Brayden Point, with two goals, Yanni Gourde, and Alex Killorn also scored for Tampa Bay.

Goaltender Andrei Vasilevskiy stopped 26 shots for his 17th win of the post-season against six losses.

Joe Pavelski, with two goals, John Klingberg, and Corey Perry replied for Dallas. Khudobin made 30 saves. His playoff record falls to 13-9.

It was a back-and-forth game with multiple lead changes.

Dallas coach Rick Bowness, looking to spark his team after a 5-2 loss in Game 3, broke up his top line of Tyler Seguin, Jamie Benn and Alexander Radulov, mixing and matching them in various combinations with Joel Kiviranta, Perry, and Pavelski among the top six.

The strategy worked early on.

Dallas had just three shots in the first period but scored twice. Klingberg scored first, then Benn dished to a streaking Pavelski in the slot, who zipped the puck blocker-side low on Vasilevskiy.

Point got his first goal in the dying seconds of the first period on a perfectly executed 200-foot breakout.

Shattenkirk, at his own end line, fired a bounce pass off the boards that Ondrej Palat corralled at centre and in turn relayed to Point in full flight, who deked out Khudobin on the backhand.

Point tied the game at two early in the second period on the power play, standing beside the Dallas net and bunting a puck out of mid-air.

Dallas took a 3-2 lead midway through the second period when Vasilevskiy stopped a close-in shot from a streaking Seguin, but Perry sailed in to jam home the loose puck.

Tampa replied again on the power play with a minute to go in the frame. Gourde jumped on a rebound that came right to his stick in the slot.

The Lightning took their first lead seven minutes into the third period. Killorn scored on a spin-around wrist shot from the right face-off circle.

Pavelski replied on a similar, sharp-angle shot soon after to set the stage for overtime.

Point has 13 goals and 17 assists, but remains behind linemate Nikita Kucherov for the NHL playoff scoring lead. Kucherov logged two assists and has seven goals and 32 points.

Pavelski leads the Stars with 12 post-season goals.

Tampa Bay captain Steven Stamkos did not dress for the game and is questionable for the rest of the series. Stamkos started Game 3 on Wednesday and scored on his first shot but sat on the bench for the last two periods.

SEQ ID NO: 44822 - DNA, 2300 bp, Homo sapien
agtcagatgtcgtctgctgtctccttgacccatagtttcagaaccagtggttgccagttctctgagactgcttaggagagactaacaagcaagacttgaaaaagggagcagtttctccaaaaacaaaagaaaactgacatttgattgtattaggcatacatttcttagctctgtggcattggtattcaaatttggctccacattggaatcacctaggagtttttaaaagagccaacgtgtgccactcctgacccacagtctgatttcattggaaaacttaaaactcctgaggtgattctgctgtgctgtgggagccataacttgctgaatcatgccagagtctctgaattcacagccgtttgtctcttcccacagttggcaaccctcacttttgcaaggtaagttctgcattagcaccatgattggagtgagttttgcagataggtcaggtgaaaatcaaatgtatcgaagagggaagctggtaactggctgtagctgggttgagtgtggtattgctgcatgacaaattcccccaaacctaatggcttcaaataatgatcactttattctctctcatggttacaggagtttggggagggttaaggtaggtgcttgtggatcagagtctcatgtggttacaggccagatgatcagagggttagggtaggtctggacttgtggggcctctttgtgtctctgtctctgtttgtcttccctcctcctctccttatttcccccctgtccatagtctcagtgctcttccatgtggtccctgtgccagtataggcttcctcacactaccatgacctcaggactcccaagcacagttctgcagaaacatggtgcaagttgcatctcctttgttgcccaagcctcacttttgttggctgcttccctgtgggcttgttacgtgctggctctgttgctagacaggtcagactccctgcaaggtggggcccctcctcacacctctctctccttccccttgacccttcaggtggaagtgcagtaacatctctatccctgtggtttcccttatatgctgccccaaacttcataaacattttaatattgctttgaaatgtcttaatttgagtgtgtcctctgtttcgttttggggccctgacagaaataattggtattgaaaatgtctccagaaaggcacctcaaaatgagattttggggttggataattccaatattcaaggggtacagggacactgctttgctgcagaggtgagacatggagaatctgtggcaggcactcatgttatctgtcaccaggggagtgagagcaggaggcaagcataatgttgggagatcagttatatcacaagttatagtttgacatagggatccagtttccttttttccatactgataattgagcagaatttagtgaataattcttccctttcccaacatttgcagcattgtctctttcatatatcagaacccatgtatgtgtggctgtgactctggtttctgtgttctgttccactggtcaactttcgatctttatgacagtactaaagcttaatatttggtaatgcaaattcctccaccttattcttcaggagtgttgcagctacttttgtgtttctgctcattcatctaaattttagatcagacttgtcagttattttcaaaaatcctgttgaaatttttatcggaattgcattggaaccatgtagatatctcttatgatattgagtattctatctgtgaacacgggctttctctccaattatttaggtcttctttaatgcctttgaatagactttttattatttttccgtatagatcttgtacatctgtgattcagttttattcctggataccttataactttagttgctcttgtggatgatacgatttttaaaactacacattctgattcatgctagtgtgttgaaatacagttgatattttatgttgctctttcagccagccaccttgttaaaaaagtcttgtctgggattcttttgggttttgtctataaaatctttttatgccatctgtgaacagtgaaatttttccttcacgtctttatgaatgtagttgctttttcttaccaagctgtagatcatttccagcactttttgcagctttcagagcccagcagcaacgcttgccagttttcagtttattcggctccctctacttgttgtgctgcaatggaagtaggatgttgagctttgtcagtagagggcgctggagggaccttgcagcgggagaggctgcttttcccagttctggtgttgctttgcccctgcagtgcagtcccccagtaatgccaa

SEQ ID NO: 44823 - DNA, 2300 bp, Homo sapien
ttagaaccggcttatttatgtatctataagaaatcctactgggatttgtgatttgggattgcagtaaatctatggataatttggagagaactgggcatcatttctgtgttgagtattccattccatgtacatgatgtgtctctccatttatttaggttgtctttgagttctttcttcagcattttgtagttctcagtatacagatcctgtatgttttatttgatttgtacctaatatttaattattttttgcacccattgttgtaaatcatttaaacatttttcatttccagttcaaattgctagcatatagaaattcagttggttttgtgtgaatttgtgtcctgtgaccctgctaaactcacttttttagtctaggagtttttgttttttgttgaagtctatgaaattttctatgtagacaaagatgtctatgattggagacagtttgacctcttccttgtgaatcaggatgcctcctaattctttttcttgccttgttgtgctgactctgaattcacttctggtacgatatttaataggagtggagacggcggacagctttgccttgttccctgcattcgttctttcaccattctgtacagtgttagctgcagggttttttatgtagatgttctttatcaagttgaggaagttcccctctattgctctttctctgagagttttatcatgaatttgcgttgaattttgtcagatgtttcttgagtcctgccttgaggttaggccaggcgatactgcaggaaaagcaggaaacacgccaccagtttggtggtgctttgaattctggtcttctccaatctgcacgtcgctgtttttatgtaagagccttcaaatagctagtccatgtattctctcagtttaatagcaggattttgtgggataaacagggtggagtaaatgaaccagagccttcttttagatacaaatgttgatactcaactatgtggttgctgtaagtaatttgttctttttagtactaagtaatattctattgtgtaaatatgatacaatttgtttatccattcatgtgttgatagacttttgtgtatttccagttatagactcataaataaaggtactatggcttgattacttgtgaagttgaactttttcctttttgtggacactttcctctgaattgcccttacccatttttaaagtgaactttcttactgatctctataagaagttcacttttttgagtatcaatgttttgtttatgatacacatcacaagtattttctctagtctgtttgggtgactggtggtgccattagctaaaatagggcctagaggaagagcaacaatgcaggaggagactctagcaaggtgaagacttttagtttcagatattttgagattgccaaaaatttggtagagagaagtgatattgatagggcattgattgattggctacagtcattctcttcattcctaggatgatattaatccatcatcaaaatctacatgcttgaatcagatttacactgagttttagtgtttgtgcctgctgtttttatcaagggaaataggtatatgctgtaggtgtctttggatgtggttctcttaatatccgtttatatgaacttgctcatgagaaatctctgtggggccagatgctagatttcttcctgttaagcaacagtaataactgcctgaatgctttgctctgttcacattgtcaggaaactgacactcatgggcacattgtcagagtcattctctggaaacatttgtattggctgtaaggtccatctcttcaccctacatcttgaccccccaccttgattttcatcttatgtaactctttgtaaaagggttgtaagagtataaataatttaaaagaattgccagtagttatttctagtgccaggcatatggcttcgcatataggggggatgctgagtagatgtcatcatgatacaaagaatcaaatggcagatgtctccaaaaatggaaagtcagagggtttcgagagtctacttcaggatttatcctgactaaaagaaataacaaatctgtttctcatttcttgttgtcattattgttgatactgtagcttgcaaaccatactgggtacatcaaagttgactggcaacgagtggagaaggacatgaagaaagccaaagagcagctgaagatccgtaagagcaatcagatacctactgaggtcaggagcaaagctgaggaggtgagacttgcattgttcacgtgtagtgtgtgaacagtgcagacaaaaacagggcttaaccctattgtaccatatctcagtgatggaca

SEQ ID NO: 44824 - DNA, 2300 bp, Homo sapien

He had been out since late February, recovering from core muscle surgery and a lower body injury. The NHL is not releasing injury information.

All games are being played in front of no spectators at Rogers Place, and players are isolating between contests to prevent contracting COVID-19.

This report by The Canadian Press was first published Sept. 25, 2020.

Dean Bennett, The Canadian Press

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Alberta

Alberta announces carbon levy-funded programs to reduce oilpatch methane emissions

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EDMONTON — Alberta has announced where it will spend part of the money it recently earmarked to reduce methane emissions from the oilpatch. 

Environment Minister Jason Nixon says $25 million will be spent helping companies buy emissions reduction equipment.

Another $27 million will be spent helping companies find, repair and measure methane leaks.

The money will come from Alberta’s levy on industrial greenhouse gas emitters, a type of carbon tax. 

Nixon says the program will help reach the province’s goal of reducing methane emission by 45 per cent below 2014 levels by 2025.

Methane is a highly potent greenhouse gas, about 25 times more so than carbon dioxide. 

This report by The Canadian Press was first published Sept. 25, 2020

The Canadian Press

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september, 2020